True romance is hard to define: It’s the time when your mind and heart throb to the same passionate beat. It erases your fears and past failures, deems you worthy and worthwhile and showers you in crackling light. Unfortunately, it’s fleeting: True romance won’t wait for you in the morning. It rarely survives the night, but its details will visit you like magi with gifts of memories.
My recollection began with a phone call from Lyn; sister of my heart and exclusive sounding board when I began my first novel. We were in deep discussion on my choice of love interest for Wendy Dale; the main character in Bird and Fish.
“Did you have an Asian boyfriend?” Lyn surprised me with her off the cuff, but very personal inquiry. I was unable to answer quickly enough to suit her. She jumped in again. “I figured you did, since you chose to create an inter-racial couple.”
Of course, Lyn was right. Wendy and Jae Won were an inter-racial couple. If they magically left my pages to walk down my street, that’s what people would see. I wondered why I hadn’t seen it. I was enamored by their cultural differences. Surely, ethos and tenets would work against them, not their hair, skin and eye colors.
Then I remembered the Chinatown restaurant on a late night in June, 1970; its crisp white tablecloth, the crispy fried pork, my boyfriend whom I’d later marry and divorce, his friend whom I’d grow to dislike, and standing above it all, pad and pencil in his slender tapered fingers was our Chinese waiter.
He brought beer to the table, poured water in our glasses, took our orders and all the while he and I flirted; sometimes with carefree and careless banter sometimes with silent playful intimacies. Good manners that come with maturity make seduction more cryptic, but the Chinese waiter and I were 20-somethings: What we felt was as obvious as clown noses and like young people through the ages, we didn’t care who noticed.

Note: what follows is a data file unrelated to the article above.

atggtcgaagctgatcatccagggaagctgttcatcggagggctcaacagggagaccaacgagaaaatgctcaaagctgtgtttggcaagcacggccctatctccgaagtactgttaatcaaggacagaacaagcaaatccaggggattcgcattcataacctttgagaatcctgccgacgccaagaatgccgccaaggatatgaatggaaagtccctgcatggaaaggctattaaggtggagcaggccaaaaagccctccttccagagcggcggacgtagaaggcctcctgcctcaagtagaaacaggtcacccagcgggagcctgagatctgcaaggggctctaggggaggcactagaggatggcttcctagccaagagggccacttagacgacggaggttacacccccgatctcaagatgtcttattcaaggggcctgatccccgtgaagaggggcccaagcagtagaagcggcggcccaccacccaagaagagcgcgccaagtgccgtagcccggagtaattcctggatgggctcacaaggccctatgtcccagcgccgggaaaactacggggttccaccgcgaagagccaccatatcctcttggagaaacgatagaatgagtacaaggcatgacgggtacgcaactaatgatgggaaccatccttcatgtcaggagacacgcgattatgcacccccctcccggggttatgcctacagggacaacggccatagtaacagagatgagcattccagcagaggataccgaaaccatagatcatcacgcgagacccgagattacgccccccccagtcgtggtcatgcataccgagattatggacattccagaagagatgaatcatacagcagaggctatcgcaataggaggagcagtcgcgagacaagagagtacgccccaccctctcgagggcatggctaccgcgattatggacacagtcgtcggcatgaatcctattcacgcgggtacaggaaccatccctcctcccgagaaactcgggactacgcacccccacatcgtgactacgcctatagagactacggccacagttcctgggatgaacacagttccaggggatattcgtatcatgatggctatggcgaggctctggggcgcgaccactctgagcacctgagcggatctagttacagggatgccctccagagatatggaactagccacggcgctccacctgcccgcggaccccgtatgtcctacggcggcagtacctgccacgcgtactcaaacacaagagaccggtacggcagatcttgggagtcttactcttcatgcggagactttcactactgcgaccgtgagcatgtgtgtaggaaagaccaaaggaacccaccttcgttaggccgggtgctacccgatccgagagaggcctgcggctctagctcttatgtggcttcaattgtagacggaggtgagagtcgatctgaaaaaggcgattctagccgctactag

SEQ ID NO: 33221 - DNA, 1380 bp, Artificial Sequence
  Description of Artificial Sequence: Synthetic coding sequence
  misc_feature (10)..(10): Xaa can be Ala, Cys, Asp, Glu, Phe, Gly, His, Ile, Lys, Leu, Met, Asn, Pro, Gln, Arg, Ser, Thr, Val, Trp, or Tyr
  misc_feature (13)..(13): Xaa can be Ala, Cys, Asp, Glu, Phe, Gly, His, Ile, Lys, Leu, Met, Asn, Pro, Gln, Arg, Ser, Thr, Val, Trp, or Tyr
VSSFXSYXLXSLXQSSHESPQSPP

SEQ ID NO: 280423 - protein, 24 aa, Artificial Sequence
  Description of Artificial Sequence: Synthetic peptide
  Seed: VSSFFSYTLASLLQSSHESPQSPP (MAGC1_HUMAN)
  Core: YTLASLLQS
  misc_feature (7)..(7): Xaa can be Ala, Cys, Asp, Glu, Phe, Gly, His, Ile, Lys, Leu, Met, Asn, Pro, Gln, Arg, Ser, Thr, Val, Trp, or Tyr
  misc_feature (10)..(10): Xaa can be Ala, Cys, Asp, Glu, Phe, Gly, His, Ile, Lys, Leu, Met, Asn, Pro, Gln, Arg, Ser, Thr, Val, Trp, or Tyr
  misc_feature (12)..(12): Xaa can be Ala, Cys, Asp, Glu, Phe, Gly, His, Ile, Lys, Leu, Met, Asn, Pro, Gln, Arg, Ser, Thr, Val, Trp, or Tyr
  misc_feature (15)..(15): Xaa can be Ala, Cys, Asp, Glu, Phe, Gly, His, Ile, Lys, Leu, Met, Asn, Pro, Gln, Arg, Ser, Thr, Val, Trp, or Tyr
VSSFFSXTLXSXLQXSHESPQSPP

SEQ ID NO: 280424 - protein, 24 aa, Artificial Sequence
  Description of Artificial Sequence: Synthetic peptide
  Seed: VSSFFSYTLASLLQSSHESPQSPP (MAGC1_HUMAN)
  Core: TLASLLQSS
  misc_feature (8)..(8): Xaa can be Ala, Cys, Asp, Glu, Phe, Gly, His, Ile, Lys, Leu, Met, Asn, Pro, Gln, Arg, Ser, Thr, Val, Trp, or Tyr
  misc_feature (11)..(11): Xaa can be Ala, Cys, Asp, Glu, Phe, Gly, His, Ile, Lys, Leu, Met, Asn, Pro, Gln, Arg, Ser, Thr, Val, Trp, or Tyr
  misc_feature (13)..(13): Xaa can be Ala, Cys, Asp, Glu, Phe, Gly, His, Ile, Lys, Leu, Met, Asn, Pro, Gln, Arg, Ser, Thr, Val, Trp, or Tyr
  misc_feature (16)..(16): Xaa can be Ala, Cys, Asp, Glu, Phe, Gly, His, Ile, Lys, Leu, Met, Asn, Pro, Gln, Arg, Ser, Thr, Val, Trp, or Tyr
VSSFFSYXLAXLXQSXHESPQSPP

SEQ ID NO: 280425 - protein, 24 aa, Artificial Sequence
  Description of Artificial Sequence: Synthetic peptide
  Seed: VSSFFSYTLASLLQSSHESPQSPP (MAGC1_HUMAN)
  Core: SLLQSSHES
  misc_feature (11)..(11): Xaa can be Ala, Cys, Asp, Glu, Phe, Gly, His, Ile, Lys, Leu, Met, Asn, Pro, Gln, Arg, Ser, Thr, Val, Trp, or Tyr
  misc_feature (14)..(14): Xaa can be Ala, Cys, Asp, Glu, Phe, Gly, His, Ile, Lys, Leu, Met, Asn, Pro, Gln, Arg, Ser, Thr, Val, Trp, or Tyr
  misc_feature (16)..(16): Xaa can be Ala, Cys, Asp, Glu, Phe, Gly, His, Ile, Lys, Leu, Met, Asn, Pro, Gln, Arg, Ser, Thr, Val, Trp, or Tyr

The Age of Aquarius heralded in ideas about free love. Attraction was no longer forced into a holding pattern until marriage, instead it raced toward sex on demand. (Not for me personally. My father assured me, had I turned into that kind of girl, he’d throw me off a roof and jump off after me. I never was sure if he was serious, mostly, I knew my sleeping around would have broken his heart.) But even with this new found freedom of physical love, the rules of whom to love remained the same. People found love within the confines of their race, culture, religion and even neighborhoods. It was true for everyone: Yes, a Chinese boyfriend would have shocked my family, but his parents would have taken one glance at my red hair and green eyes and been in a tizzy as well. Our separate sets of friends wouldn’t have offered succor either. Asian and European-American hippies were fine toking on the same joint and marching with Dr. King, but also knew that when college ended, the rules of grown-ups awaited.
Still, in that Chinatown restaurant for a brief moment, true romance was making all dreams possible.
The meal ended. He returned to our table, boldly look into my eyes, “Anything else?” he asked without averting his gaze. “We’re good,” my boyfriend answered. “What do we owe you?”
He answered without hesitation, “Nothing, if she stays.”
I felt the heat radiating from my reddening cheeks and stared down into my lap while my boyfriend paid the bill in silence. The Chinese waiter’s eyes never met mine again. For a while I wondered why I didn’t pretend to use the restroom and seek him near the kitchen to write my phone number on his hand or sneak a brisk kiss. But true romance can’t be organized. I left without him. He didn’t follow.
Since then, the years have piled up like firewood logs; one on top of another, until ten became twenty and twenty grew into a lifetime. Yet an hour in a Chinatown restaurant long ago still warms me. Perhaps that’s the authentic definition of true romance.